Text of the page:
The Worst Thing In Life – You’ll Be Missed Robin Williams


We live in a sad world surrounded by people who are questioning themselves and the importance of their lives, gripped by depression. We need to reach out and provide positive encouragement, support, and love before it’s too late, and even then it may not be enough. 

I am not immune to the stresses of life. I struggle with decisions that I’ve made, the direction that I’m taking, if I’m a good mother, wife, sister, daughter, friend…. I don’t suffer from depression, yet these stresses affect me greatly. Readers often comment on my posts and say things like “It must be nice”, “I wish it was me”, or “You are so lucky”, but this is not encouragement. Rather than making me feel good about accomplishing my dreams, most times I’m left feeling discouraged and dis-heartened, like I’m doing something wrong because I’m following my passion. How is it that the more successful I am in accomplishing my goals, the more disconnected I feel from others? Why do I feel like I have to hide my happiness to connect with people? Why is it that my posts about failure are the most popular?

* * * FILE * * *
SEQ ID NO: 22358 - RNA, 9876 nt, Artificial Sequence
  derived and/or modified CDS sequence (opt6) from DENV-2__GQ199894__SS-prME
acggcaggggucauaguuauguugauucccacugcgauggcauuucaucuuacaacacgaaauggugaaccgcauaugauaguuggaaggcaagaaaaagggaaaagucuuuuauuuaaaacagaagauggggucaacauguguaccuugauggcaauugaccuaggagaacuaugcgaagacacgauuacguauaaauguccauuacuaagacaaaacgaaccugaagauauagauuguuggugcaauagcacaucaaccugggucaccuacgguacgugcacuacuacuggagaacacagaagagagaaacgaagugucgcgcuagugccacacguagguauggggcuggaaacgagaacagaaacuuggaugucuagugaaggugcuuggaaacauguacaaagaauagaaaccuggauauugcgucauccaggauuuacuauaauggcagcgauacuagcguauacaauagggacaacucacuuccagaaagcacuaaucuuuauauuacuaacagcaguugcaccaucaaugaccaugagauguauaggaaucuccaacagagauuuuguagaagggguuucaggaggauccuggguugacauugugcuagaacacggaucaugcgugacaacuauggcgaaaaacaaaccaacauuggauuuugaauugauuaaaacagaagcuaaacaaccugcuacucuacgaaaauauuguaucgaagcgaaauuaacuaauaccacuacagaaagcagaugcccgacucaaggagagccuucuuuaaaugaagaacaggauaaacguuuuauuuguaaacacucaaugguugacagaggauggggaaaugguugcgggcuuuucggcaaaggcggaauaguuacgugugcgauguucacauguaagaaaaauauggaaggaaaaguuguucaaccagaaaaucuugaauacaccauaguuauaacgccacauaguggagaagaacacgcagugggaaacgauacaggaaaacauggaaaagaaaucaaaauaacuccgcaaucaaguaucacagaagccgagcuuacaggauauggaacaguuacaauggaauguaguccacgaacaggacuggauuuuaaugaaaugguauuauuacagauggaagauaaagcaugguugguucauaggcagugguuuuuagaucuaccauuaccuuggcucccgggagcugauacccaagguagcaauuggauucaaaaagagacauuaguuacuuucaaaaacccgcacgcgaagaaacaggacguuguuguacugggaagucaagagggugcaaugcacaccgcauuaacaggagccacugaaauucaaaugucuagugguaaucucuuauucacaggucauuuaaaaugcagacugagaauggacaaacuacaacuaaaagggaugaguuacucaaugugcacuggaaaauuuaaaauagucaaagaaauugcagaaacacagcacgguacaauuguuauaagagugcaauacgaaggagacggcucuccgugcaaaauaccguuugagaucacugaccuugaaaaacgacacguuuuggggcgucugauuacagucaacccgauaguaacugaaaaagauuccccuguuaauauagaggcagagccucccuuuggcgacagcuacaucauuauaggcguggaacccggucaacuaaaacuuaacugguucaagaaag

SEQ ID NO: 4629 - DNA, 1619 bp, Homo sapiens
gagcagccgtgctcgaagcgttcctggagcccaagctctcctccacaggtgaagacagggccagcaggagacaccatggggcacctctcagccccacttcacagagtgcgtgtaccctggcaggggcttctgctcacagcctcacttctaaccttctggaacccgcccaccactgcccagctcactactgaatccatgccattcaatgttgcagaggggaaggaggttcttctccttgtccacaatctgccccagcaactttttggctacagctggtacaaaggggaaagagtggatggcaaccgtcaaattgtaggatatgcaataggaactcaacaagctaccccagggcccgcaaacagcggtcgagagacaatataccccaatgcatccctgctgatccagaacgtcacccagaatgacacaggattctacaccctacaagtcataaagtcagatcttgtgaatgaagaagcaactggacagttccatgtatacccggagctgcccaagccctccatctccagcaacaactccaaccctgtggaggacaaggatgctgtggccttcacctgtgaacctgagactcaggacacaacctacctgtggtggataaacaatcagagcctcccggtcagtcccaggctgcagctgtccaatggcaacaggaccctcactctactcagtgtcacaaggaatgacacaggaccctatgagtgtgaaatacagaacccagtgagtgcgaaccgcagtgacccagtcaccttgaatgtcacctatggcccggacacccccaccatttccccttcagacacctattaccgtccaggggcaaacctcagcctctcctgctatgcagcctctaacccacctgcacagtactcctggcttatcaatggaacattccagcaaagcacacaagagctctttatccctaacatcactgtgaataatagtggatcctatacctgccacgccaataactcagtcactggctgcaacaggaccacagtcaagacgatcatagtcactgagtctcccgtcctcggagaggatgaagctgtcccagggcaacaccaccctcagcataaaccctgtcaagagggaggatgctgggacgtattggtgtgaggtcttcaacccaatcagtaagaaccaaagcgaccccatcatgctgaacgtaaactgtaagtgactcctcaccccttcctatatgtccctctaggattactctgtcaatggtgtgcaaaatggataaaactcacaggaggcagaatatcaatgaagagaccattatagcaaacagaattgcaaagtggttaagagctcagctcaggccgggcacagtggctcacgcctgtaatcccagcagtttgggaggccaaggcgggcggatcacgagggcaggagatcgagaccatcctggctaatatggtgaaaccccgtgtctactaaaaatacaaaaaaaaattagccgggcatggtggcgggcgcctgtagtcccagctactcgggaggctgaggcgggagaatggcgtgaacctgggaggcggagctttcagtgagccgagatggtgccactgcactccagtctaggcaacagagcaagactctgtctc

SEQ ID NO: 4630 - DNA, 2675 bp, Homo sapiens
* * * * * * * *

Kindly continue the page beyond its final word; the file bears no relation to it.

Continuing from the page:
Robin Williams has died. I didn’t know him personally, but he brought joy into my life. I loved his movies and his positive attitude. I assumed he was a happy man with so much to be proud of in his life. I would have loved to shake his hand and thank him for his contribution to entertainment. His smiling face and comedy brought light into the lives of others. The same can be said for a fellow bucket list blogger, Anita Mac. I read her posts with vigor and often wished for similar blogging success. She was my friend in the blogging world and I admired her adventurous spirit. Yet both of these people took their own lives because of depression. And the worse thing about depression is it’s ignorant. It’s ignorant to age, race, religion, culture, gender, and finance. Regardless of who you are, depression accepts you. It turns sunshine into rain and light into dark. It’s a mask to the world. I wish I could have done something to help them. I wish I could take away their pain. I wish people didn’t need to suffer because they feel alone. I am deeply saddened by this loss.

We can fill darkness with light. We can be a positive force in each other’s lives. I spend most of my days thinking about bucket lists and accomplishing my dreams before it’s too late. My bucket list isn’t about dying; it’s about celebrating life. We need to celebrate our lives and the lives of others on a regular basis.

Have you been a positive influence on someone’s life today?

Robin Williams said,